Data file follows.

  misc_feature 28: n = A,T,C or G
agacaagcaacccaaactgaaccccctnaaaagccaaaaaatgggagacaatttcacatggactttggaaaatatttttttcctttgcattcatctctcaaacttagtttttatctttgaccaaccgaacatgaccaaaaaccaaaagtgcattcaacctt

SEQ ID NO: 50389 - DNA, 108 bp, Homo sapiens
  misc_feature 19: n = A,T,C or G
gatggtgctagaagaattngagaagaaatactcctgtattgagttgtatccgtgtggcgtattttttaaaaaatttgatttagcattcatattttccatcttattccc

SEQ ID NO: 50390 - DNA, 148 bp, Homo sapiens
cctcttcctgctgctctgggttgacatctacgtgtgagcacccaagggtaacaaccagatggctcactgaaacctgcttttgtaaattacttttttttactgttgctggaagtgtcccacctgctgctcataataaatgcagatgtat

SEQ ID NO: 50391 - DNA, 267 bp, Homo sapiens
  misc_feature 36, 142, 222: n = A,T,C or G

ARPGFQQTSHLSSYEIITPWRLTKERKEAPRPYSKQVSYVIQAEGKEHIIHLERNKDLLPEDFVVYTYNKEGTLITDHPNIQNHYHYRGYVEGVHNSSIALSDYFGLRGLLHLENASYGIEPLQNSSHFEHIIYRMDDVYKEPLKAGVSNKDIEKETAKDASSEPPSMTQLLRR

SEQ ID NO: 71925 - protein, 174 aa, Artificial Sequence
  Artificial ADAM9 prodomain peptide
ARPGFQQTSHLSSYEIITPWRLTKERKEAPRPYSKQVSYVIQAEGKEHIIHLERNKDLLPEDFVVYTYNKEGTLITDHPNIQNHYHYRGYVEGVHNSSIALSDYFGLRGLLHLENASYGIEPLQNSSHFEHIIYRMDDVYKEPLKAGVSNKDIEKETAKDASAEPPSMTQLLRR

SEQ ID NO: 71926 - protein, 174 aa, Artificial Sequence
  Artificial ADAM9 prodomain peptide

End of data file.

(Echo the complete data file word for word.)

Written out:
  misc_feature 28: n = A,T,C or G
agacaagcaacccaaactgaaccccctnaaaagccaaaaaatgggagacaatttcacatggactttggaaaatatttttttcctttgcattcatctctcaaacttagtttttatctttgaccaaccgaacatgaccaaaaaccaaaagtgcattcaacctt

SEQ ID NO: 50389 - DNA, 108 bp, Homo sapiens
  misc_feature 19: n = A,T,C or G
gatggtgctagaagaattngagaagaaatactcctgtattgagttgtatccgtgtggcgtattttttaaaaaatttgatttagcattcatattttccatcttattccc

SEQ ID NO: 50390 - DNA, 148 bp, Homo sapiens
cctcttcctgctgctctgggttgacatctacgtgtgagcacccaagggtaacaaccagatggctcactgaaacctgcttttgtaaattacttttttttactgttgctggaagtgtcccacctgctgctcataataaatgcagatgtat

SEQ ID NO: 50391 - DNA, 267 bp, Homo sapiens
  misc_feature 36, 142, 222: n = A,T,C or G

ARPGFQQTSHLSSYEIITPWRLTKERKEAPRPYSKQVSYVIQAEGKEHIIHLERNKDLLPEDFVVYTYNKEGTLITDHPNIQNHYHYRGYVEGVHNSSIALSDYFGLRGLLHLENASYGIEPLQNSSHFEHIIYRMDDVYKEPLKAGVSNKDIEKETAKDASSEPPSMTQLLRR

SEQ ID NO: 71925 - protein, 174 aa, Artificial Sequence
  Artificial ADAM9 prodomain peptide
ARPGFQQTSHLSSYEIITPWRLTKERKEAPRPYSKQVSYVIQAEGKEHIIHLERNKDLLPEDFVVYTYNKEGTLITDHPNIQNHYHYRGYVEGVHNSSIALSDYFGLRGLLHLENASYGIEPLQNSSHFEHIIYRMDDVYKEPLKAGVSNKDIEKETAKDASAEPPSMTQLLRR

SEQ ID NO: 71926 - protein, 174 aa, Artificial Sequence
  Artificial ADAM9 prodomain peptide